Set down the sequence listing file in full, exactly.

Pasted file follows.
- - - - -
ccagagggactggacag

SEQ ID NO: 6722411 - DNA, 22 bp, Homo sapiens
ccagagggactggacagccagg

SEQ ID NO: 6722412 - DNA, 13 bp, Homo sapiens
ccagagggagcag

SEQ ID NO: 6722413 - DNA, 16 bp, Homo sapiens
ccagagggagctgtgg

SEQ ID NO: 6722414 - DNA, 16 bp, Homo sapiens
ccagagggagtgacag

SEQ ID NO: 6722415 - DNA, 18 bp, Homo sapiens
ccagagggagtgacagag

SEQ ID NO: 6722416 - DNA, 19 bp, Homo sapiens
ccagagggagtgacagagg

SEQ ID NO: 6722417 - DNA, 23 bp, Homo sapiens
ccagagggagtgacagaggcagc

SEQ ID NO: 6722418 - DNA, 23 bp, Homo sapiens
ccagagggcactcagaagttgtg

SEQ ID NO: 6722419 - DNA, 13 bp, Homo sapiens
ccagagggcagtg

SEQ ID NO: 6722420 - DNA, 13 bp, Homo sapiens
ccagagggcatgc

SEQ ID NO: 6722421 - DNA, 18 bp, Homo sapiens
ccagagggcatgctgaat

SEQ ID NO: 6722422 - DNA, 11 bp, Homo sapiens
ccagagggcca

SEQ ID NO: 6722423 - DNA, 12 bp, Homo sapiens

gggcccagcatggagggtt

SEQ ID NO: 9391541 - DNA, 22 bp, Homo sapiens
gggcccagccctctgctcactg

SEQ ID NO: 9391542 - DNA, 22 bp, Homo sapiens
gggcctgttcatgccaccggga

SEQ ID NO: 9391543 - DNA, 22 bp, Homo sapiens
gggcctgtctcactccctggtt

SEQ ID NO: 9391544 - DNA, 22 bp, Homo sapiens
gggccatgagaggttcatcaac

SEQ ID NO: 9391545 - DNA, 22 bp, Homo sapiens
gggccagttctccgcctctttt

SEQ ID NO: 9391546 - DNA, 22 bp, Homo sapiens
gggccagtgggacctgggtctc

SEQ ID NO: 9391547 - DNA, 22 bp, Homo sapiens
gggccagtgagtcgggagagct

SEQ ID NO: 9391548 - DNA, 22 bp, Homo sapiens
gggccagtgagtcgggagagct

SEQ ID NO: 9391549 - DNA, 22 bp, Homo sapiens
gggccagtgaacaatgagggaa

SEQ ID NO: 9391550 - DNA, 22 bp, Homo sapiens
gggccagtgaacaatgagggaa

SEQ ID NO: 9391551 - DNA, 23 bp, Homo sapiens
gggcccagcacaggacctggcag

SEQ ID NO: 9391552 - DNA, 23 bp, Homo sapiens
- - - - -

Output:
ccagagggactggacag

SEQ ID NO: 6722411 - DNA, 22 bp, Homo sapiens
ccagagggactggacagccagg

SEQ ID NO: 6722412 - DNA, 13 bp, Homo sapiens
ccagagggagcag

SEQ ID NO: 6722413 - DNA, 16 bp, Homo sapiens
ccagagggagctgtgg

SEQ ID NO: 6722414 - DNA, 16 bp, Homo sapiens
ccagagggagtgacag

SEQ ID NO: 6722415 - DNA, 18 bp, Homo sapiens
ccagagggagtgacagag

SEQ ID NO: 6722416 - DNA, 19 bp, Homo sapiens
ccagagggagtgacagagg

SEQ ID NO: 6722417 - DNA, 23 bp, Homo sapiens
ccagagggagtgacagaggcagc

SEQ ID NO: 6722418 - DNA, 23 bp, Homo sapiens
ccagagggcactcagaagttgtg

SEQ ID NO: 6722419 - DNA, 13 bp, Homo sapiens
ccagagggcagtg

SEQ ID NO: 6722420 - DNA, 13 bp, Homo sapiens
ccagagggcatgc

SEQ ID NO: 6722421 - DNA, 18 bp, Homo sapiens
ccagagggcatgctgaat

SEQ ID NO: 6722422 - DNA, 11 bp, Homo sapiens
ccagagggcca

SEQ ID NO: 6722423 - DNA, 12 bp, Homo sapiens

gggcccagcatggagggtt

SEQ ID NO: 9391541 - DNA, 22 bp, Homo sapiens
gggcccagccctctgctcactg

SEQ ID NO: 9391542 - DNA, 22 bp, Homo sapiens
gggcctgttcatgccaccggga

SEQ ID NO: 9391543 - DNA, 22 bp, Homo sapiens
gggcctgtctcactccctggtt

SEQ ID NO: 9391544 - DNA, 22 bp, Homo sapiens
gggccatgagaggttcatcaac

SEQ ID NO: 9391545 - DNA, 22 bp, Homo sapiens
gggccagttctccgcctctttt

SEQ ID NO: 9391546 - DNA, 22 bp, Homo sapiens
gggccagtgggacctgggtctc

SEQ ID NO: 9391547 - DNA, 22 bp, Homo sapiens
gggccagtgagtcgggagagct

SEQ ID NO: 9391548 - DNA, 22 bp, Homo sapiens
gggccagtgagtcgggagagct

SEQ ID NO: 9391549 - DNA, 22 bp, Homo sapiens
gggccagtgaacaatgagggaa

SEQ ID NO: 9391550 - DNA, 22 bp, Homo sapiens
gggccagtgaacaatgagggaa

SEQ ID NO: 9391551 - DNA, 23 bp, Homo sapiens
gggcccagcacaggacctggcag

SEQ ID NO: 9391552 - DNA, 23 bp, Homo sapiens